What I Wish Everyone Understood about Forgiveness

You’ve been wronged.  They hurt you. This wasn’t the first time either.  Now, because you are a follower of Jesus, you must show forgiveness. You experience tension inside your soul.

Jesus forgave me. So I should for forgive them.
But if I forgive, I’m just letting them off the hook. Yet Jesus seemed to let me off the hook.

Over time forgiveness becomes more like a chore. Creating inner turmoil that screams, “But they wronged me! I can’t keep ignoring this!” This struggle comes from a misunderstanding of terminology.

We use the word “forgiveness” to describe multiple different biblical concepts at the same time.  Not understanding that our misapplication causes damage to our souls and pain to our relationships.

I originally heard this misuse identified and corrected by John Townsend the author of Boundaries. Upon hearing his clarification, my immediate thought was, “I wish everyone understood this about forgiveness.”

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  1. Forgiveness is a past issue.

    Extending mercy and grace is a powerful message rooted in our loving savior.  We must present it freely to others. Grace says,

    “Despite the wrong you committed in the past, I will love you today.”

    Imagine a relationship as a fragile object. When you’ve been wronged it’s like that delicate mass was crushed by a hammer. Forgiveness declares that I will no longer be angry at the hammer or the person who swung it.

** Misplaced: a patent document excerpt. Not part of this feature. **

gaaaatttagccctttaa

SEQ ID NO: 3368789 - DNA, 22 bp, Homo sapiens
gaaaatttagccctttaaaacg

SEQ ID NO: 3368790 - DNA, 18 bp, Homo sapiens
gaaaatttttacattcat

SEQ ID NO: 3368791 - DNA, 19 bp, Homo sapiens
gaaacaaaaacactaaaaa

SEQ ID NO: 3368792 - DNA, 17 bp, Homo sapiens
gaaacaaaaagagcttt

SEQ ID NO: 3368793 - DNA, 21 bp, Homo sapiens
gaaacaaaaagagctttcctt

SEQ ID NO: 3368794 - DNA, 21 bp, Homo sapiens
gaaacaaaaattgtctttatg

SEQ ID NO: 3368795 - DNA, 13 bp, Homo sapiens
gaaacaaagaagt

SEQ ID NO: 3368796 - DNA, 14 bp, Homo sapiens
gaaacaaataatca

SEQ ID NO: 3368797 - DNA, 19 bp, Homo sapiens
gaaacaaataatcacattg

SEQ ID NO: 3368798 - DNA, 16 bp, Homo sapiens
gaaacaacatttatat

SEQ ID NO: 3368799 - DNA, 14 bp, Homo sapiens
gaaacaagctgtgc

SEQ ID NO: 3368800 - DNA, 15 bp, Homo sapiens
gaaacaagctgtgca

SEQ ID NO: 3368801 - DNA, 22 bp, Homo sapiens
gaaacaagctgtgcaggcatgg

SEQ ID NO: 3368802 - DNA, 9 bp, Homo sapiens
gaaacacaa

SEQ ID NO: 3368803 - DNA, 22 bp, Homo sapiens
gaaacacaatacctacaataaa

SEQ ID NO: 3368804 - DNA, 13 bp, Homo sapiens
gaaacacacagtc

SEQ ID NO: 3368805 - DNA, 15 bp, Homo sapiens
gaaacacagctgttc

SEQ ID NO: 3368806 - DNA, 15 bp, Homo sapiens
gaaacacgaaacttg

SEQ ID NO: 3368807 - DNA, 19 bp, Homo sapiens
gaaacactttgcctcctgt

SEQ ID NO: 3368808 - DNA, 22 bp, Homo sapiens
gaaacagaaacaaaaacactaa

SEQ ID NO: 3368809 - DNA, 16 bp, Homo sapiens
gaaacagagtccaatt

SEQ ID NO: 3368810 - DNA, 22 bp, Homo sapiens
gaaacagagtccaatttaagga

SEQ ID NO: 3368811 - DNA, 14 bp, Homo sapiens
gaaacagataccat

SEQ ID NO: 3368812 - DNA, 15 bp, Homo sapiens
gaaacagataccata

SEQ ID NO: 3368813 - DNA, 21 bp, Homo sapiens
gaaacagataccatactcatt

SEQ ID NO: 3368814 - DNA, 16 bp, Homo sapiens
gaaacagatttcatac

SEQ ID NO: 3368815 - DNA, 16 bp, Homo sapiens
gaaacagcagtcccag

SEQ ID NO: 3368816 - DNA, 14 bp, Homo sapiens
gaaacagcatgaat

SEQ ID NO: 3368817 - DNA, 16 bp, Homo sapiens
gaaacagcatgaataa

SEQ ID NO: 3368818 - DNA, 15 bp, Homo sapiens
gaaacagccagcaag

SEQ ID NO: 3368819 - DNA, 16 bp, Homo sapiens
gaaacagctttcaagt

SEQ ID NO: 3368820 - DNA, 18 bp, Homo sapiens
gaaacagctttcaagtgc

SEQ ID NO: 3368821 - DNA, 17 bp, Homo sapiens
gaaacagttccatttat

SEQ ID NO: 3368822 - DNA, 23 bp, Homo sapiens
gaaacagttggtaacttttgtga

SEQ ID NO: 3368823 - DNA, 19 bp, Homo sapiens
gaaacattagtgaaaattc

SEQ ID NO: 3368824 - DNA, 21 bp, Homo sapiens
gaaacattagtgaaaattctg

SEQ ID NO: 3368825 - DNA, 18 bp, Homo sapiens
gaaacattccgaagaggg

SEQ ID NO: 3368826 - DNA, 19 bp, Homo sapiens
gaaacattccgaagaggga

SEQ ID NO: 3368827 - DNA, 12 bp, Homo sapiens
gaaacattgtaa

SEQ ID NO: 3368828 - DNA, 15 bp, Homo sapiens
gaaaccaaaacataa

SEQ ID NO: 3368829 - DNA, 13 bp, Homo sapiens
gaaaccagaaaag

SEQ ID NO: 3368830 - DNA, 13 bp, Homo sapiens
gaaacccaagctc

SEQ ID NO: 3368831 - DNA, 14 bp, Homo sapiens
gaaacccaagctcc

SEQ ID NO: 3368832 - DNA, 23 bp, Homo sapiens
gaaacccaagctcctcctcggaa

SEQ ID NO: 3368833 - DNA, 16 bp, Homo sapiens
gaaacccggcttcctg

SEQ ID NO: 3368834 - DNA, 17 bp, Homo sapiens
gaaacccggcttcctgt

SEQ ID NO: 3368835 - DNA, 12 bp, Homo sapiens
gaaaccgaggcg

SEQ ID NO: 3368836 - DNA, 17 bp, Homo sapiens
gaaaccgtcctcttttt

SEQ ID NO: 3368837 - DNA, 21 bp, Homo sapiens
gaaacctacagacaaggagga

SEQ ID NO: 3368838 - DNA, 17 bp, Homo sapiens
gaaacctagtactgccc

What somebody did in the past is not stopping you from loving them today.

    Notice though that the once perfect object is now still destroyed despite the forgiveness.  That’s because point number 2.

  2. Forgiveness is not reconciliation.

    Reconciliation is a term describing the present state of a relationships.  Forgiveness can be extended and the relationships still not yet be restored.  The past is over, but the present is not the same.

    Imagine if somebody wronged your child.  They hit them in the face, bullied them, or maybe even worse.  Your Christian parental response is not, “Well, forgive them and go be friends with them.” Rather you want your kid to set up boundaries around the bully.

    It’s because forgiveness does not mean reconciliation.

    Reconciliation means that broken fragile object has now been restored.  That’s a two person job.  Both parties have to agree to it. If both sides don’t agree, then it’s not possible.

    Now even if you forgive and reconcile, that does not mean the relationship will be restored back to its original form because….